Irving M. Copi, retired professor emeritus in philosophy from the University of Hawaii at Manoa, died peacefully at his home in Honolulu on August 19, 2002. Born July 28, 1917 in Duluth Minnesota, Irving attended school there and was captain of the Debate Team at South Central High School (pity his opponents!) and later was chess champion of Ann Arbor in 1935. He was inspired philosophically by his teacher Bertrand Russell at the University of Chicago, and was cited by Russell in his autobiography as one of his 3 best and brightest students. Copi held professorships at the University of Michigan (1958- 1969), and the University of Hawaii (1969-1990), as well as appointments at the University of Illinois, Air Force University, and Princeton University. He received numerous academic honors, including Guggenheim and Ford Foundation fellowships, a National Science Foundation grant, and a Fulbright-Hays Senior Research Fellowship. Irving did seminal work in the development of computers, co-authoring The Logical Design of an Idealized General-Purpose Computer in 1954, authoring Artificial Languages in 1958, and Realization of Events by Logical Nets with Elgot and Wright in 1958. Other of his well-known works include Objects, Properties, and Relations In the Tractatus 5.542 in 1958, Essays on Wittgenstein's Tractatus, edited with Beard in 1966, and The Theory of Logical Types in 1971. His celebrated texts – Introduction to Logic and Symbolic Logic – were translated into many languages and dominated the field for several decades.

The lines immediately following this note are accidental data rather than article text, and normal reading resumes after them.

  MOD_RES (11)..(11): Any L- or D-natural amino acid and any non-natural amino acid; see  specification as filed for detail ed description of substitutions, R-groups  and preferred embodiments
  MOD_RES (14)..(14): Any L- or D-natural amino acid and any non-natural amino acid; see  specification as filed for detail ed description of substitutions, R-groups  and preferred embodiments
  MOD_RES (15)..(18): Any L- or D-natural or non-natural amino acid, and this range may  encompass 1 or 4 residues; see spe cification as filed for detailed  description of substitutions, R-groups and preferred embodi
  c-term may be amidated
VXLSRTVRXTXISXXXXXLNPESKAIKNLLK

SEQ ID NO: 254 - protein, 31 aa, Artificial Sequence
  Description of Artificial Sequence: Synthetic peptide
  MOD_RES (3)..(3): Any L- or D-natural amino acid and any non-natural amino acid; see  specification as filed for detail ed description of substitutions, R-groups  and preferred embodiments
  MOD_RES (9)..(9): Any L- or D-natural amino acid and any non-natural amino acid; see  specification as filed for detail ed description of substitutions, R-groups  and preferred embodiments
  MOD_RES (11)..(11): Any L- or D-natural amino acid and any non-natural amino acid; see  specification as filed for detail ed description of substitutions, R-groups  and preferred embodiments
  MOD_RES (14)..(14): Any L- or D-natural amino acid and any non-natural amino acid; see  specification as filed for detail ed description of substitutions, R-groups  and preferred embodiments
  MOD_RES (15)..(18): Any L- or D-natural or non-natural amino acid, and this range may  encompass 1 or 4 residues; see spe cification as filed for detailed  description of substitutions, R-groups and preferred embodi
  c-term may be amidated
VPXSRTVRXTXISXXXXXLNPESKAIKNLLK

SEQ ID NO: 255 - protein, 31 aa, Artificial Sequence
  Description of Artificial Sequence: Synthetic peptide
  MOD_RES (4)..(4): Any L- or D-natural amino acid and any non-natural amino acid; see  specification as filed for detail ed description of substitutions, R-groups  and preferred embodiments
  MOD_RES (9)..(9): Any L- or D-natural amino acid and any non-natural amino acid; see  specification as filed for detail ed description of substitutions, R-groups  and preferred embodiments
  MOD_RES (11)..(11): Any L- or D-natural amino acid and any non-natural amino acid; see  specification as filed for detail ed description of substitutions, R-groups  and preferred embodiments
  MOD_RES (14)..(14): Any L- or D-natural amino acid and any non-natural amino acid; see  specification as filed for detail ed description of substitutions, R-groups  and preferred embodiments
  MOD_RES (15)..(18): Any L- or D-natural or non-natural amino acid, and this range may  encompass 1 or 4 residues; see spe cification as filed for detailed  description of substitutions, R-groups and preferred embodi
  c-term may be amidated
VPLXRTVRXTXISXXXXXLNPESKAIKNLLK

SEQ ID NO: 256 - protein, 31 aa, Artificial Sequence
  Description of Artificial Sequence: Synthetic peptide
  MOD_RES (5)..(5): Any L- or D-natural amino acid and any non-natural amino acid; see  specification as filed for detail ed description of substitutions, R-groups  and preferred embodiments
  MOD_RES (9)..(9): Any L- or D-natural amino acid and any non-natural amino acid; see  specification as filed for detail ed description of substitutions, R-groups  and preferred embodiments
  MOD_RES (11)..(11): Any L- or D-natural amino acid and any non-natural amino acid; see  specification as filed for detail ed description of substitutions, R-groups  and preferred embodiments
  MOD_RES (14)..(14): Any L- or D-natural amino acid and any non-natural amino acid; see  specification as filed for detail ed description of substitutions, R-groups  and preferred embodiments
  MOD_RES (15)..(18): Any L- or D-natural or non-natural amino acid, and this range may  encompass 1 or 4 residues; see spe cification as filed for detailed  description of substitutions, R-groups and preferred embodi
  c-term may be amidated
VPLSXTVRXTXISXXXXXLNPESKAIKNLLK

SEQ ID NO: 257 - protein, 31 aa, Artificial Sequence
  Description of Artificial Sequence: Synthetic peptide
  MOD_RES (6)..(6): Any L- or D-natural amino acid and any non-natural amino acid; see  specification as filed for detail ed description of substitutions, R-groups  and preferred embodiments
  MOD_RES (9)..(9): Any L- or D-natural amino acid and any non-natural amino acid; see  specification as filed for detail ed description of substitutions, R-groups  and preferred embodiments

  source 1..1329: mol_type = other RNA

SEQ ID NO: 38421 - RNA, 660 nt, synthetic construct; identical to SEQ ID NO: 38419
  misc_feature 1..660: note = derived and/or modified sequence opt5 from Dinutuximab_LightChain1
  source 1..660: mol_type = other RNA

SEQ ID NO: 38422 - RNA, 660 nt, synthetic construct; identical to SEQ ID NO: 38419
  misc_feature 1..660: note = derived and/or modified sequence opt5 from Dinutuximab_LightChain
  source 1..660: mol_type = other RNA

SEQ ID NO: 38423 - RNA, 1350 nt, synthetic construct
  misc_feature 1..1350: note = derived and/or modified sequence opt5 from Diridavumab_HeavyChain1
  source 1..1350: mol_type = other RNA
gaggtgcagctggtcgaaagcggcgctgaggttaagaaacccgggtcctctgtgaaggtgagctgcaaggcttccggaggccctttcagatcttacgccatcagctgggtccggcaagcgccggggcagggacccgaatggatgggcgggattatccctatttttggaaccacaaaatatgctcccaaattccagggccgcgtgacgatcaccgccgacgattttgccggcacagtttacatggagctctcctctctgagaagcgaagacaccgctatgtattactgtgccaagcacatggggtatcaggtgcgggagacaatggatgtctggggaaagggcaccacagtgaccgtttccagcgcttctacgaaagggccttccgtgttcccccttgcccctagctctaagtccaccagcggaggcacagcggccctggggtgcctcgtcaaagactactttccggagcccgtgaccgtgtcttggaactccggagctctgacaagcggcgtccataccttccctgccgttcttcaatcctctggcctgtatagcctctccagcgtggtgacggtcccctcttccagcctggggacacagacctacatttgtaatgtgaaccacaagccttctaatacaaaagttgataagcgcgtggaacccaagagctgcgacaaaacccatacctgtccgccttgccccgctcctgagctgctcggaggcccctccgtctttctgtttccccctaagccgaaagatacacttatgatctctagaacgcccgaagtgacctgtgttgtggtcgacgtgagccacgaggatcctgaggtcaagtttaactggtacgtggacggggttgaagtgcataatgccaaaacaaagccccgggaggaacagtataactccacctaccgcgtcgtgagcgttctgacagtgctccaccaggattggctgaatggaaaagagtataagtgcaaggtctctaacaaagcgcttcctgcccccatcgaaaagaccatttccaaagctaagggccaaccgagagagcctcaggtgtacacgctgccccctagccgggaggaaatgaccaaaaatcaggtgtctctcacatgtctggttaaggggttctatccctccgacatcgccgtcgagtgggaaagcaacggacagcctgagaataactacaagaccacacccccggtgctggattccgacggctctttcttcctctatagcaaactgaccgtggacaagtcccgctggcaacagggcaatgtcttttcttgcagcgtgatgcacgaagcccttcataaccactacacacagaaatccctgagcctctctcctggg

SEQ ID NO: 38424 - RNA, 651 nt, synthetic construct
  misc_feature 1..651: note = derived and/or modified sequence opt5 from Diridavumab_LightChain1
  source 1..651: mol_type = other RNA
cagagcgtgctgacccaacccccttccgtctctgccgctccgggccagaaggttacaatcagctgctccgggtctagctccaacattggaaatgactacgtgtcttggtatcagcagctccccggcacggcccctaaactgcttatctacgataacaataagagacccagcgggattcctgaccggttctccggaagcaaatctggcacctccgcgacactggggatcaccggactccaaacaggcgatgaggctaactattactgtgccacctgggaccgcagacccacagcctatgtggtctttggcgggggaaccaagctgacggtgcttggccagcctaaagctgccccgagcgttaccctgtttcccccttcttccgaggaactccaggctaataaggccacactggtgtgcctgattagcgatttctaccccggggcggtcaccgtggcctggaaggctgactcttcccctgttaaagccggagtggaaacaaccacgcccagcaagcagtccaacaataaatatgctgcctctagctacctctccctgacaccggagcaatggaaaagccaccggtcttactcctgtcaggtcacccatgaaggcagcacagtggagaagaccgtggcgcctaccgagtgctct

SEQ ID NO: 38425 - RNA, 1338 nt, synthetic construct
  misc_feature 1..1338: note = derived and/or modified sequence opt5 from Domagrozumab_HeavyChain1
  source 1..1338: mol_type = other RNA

It is not widely known that in his younger days, Irv was a noted political activist, drawn to socialism. He dropped out of college during the Second World War to work in the auto factories of Detroit, where he became a UAW shop steward and organizer. He remained throughout his life devoted to achieving social justice and human welfare.
Although known internationally primarily as a logician, Irv confessed to me one time that his deepest aspiration was to be a metaphysician, that he yearned to have a comprehensive vision of the world and our place in it. He exhibited throughout his career an enduring commitment as a philosopher to the search for truth and wisdom.
Among the many personal qualities that Irving Copi embodied so thoroughly in his personal and professional life, we would surely count his integrity as a person, his loyalty to friends and generosity to students, and his extraordinary wry sense of humor. Irv was simply incapable of dissembling or pretending that he was other than himself. He loved to play poker and was welcomed to any game for, being unable to "fake it," quite naturally he was something less than a stellar player. Once you were Irving's friend, you remained so no matter what professional differences might arise. He was always available to his students and enjoyed taking them sailing on his beloved boat. His wry humor was somewhat legendary here. I recall vividly when, at a time when passing an examination in logic was mandatory for all our graduate students, a student asked Irv what kind of questions he might expect to find on the exam. Irv advised him to ask the department secretary to look at some past exams. After taking the exam, the student came to Irv rather perplexed and said that the questions given were exactly the same as those given last year. "Yes," Irv spontaneously replied," but we changed the answers!"
We will miss Irving Copi mightily but take solace in knowing that with his wonderful family, devoted friends and numerous admirers, he lived the good life and meant so much to so many of us.
Eliot Deutsch, University of Hawaii at Manoa